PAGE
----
King Canute could not command the tide and I know that my feelings about manners and the growth of informal address are probably anachronistic. Some people's instincts are to embrace the new without question - be it in terms of technology, fashion, language or social habits. But that is not my instinct. In my world what is new is not necessarily better. It is simply something to be considered.

29 comments:

  1. I am with you YP ~ anachronistic or not. I hate ordering having to leave my first name when I order coffee or juice. I hate that my son chooses to use my first name instead of Mum when he us being rude. But I must say that I am taken back when an ex-student still calls me Miss when they serve me in the shops when I haven't even been their teacher. And I love the fact that I am still Auntie Carol to my adult niece and nephew.

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    1. Some teachers are a "Miss" but others - like me - are a "Hit"! Our children have never addressed us by our first names and I can understand why Brody irritates you when he does that. Send the young whippersnapper to Yorkshire and I'll give him an old-fashioned clout!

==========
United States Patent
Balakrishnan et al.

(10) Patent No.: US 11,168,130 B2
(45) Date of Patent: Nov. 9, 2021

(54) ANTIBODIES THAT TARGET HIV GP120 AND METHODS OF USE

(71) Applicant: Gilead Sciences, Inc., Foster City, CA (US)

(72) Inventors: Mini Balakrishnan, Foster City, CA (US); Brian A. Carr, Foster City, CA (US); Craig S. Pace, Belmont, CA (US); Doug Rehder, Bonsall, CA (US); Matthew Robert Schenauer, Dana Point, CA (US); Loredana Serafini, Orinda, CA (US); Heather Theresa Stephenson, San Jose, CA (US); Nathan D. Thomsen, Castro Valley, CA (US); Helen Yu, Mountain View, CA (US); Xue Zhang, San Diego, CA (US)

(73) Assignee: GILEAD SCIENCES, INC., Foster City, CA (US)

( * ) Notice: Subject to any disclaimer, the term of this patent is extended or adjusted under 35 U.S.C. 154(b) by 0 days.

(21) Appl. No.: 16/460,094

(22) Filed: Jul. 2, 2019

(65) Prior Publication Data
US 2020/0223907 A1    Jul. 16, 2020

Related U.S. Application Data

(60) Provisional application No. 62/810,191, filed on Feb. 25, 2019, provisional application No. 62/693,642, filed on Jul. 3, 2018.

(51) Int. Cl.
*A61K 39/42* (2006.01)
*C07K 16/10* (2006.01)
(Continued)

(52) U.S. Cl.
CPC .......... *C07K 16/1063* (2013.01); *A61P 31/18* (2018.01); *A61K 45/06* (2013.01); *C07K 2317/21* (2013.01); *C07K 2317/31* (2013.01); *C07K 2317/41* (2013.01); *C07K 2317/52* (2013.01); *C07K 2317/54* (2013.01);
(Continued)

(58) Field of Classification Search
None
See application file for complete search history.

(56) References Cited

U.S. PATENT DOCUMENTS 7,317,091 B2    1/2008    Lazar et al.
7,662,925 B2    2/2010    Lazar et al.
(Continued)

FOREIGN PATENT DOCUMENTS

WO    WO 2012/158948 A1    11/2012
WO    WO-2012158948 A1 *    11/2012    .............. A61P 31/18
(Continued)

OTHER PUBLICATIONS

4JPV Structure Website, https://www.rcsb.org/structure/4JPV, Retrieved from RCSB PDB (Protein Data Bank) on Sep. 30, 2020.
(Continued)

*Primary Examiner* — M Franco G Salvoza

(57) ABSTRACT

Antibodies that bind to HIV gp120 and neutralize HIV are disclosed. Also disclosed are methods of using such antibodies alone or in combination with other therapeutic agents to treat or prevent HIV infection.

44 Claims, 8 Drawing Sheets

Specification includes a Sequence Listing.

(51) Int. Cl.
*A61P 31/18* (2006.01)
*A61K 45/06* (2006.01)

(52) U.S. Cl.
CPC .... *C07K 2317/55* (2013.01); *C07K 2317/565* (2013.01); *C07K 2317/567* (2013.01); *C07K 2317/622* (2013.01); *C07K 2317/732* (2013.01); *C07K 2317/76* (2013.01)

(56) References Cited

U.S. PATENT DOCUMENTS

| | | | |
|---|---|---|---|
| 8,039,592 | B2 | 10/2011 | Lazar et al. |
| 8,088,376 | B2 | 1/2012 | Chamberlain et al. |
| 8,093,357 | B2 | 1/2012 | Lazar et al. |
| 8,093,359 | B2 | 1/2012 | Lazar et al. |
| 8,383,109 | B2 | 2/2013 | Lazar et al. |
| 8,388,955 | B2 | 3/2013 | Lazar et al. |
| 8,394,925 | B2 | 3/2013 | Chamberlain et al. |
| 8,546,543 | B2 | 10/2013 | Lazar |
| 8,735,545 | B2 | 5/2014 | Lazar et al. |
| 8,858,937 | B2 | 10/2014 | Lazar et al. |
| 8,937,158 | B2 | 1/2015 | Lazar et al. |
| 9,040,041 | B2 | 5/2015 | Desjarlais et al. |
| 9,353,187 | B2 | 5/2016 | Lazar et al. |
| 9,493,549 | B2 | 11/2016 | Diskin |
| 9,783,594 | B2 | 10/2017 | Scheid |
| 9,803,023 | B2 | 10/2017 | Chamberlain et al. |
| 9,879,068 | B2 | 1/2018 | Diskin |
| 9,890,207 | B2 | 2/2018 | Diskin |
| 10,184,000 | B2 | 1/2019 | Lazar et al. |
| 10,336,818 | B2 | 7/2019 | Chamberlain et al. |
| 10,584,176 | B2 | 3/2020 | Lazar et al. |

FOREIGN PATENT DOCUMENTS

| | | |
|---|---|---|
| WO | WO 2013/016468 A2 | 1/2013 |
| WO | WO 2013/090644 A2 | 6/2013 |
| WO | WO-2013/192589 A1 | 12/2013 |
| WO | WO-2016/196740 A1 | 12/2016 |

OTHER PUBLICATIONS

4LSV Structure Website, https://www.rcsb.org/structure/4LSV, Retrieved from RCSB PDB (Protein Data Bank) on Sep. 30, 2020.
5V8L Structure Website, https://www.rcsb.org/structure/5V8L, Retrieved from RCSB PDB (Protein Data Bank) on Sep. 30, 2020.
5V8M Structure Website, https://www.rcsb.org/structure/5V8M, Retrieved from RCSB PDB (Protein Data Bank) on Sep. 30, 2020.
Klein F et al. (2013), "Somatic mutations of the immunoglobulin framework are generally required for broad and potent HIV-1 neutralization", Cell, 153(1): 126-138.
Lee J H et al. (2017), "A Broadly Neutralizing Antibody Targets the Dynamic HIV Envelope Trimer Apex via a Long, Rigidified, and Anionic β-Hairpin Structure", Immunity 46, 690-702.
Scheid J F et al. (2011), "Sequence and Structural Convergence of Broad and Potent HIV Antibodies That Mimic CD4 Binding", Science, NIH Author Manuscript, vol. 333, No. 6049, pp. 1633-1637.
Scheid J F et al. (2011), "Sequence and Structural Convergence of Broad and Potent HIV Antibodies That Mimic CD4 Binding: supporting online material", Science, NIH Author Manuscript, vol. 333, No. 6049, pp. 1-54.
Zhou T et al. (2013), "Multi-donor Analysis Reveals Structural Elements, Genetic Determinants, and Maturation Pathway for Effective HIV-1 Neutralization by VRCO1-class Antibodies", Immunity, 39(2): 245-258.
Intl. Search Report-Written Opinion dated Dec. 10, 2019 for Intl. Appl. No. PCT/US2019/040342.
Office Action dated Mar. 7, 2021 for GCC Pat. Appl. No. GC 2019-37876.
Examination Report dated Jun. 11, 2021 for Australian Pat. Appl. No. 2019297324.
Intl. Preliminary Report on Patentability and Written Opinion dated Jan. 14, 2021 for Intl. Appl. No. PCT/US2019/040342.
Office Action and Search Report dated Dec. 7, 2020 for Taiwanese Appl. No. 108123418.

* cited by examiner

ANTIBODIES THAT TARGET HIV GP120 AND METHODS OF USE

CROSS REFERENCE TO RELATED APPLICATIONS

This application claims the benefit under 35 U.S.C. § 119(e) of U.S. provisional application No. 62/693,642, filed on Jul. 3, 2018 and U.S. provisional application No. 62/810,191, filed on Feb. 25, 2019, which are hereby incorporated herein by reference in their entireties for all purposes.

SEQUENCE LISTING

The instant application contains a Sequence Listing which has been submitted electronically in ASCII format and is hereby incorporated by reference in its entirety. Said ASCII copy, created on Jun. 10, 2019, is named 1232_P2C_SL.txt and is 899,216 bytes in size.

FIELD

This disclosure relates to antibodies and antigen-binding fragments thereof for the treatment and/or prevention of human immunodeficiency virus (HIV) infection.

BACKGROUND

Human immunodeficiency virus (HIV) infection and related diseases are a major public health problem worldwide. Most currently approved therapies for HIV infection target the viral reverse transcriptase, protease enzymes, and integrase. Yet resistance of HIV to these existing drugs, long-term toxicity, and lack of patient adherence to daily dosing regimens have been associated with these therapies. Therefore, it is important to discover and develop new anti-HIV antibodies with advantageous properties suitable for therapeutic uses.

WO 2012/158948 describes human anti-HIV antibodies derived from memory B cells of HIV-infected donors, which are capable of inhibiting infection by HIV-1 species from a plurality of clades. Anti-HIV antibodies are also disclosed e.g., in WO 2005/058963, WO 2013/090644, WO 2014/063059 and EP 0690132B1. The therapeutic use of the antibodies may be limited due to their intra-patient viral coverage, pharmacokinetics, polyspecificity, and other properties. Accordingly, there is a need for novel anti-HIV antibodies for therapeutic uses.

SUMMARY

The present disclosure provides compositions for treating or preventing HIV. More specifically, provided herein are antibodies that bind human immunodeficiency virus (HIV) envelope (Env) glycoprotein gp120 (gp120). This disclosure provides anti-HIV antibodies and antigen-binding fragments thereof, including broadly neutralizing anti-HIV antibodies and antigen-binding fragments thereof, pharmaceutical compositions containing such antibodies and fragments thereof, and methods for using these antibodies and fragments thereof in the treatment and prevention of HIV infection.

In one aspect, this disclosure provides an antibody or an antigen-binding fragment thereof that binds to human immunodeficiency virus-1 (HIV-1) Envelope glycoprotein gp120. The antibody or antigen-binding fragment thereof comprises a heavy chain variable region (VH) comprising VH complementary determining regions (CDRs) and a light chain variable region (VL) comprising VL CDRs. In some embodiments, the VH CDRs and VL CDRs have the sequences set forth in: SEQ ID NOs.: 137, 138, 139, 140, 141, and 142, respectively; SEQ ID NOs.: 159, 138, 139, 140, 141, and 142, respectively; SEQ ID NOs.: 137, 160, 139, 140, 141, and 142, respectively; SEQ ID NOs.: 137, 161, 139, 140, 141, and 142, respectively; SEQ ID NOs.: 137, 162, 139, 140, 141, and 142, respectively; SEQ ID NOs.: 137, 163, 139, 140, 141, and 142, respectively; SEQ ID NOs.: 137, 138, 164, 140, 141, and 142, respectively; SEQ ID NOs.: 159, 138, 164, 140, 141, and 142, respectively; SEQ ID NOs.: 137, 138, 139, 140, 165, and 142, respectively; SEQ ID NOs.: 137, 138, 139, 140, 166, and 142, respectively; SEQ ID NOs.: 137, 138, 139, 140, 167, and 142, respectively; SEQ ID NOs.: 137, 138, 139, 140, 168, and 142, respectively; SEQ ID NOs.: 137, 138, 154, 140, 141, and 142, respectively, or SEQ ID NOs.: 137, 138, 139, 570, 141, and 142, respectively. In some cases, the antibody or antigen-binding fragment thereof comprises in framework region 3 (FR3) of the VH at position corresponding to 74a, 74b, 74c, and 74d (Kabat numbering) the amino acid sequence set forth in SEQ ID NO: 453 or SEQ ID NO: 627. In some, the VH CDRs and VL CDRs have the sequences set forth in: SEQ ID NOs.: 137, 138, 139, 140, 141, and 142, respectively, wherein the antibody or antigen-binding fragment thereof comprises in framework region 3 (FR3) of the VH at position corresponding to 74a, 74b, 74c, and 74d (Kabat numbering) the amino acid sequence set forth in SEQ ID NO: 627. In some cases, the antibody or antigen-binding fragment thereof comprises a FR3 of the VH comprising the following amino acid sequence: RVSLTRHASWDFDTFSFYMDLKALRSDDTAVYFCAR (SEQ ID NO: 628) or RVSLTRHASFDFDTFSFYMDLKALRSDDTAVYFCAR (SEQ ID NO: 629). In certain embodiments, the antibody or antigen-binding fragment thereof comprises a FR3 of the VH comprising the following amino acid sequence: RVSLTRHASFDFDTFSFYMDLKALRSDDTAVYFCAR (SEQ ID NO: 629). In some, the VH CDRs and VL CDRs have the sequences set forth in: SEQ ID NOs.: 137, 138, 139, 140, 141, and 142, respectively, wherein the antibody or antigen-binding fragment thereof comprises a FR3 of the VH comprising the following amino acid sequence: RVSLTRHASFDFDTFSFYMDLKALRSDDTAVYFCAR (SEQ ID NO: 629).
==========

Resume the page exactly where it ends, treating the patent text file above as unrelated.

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  2. Sir I couldn't agree more about mores.

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    1. Is that what Oliver Twist meant when he said "More please!"? He wasn't referring to the gruel.

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    2. No he was referring to Arabs but was only young and couldn't spill.

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    3. Ha! Ha! It took me a while but I finally got it Adrian. You wag!

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  3. When my wife first came to Barnsley and was addressed as "duck" by a bus driver, it sure shocked her!

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    1. I bet it shocked her so much that she waddled off to the nearest pond! Was it the beak that first attracted you to her Brian or the webbed feet?

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  4. I don't care what they call me, I don't want political junk in my mail, my email, or on my phone. Ever.

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    1. Okay - if you don't care what they call you I am going to call you Fifi L'Amour! Hi Fifi!

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    2. I don't think my hair is curly enough for me to be a Fifi. Isn't that sort of a poodle name?

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    3. Yes - a French poodle!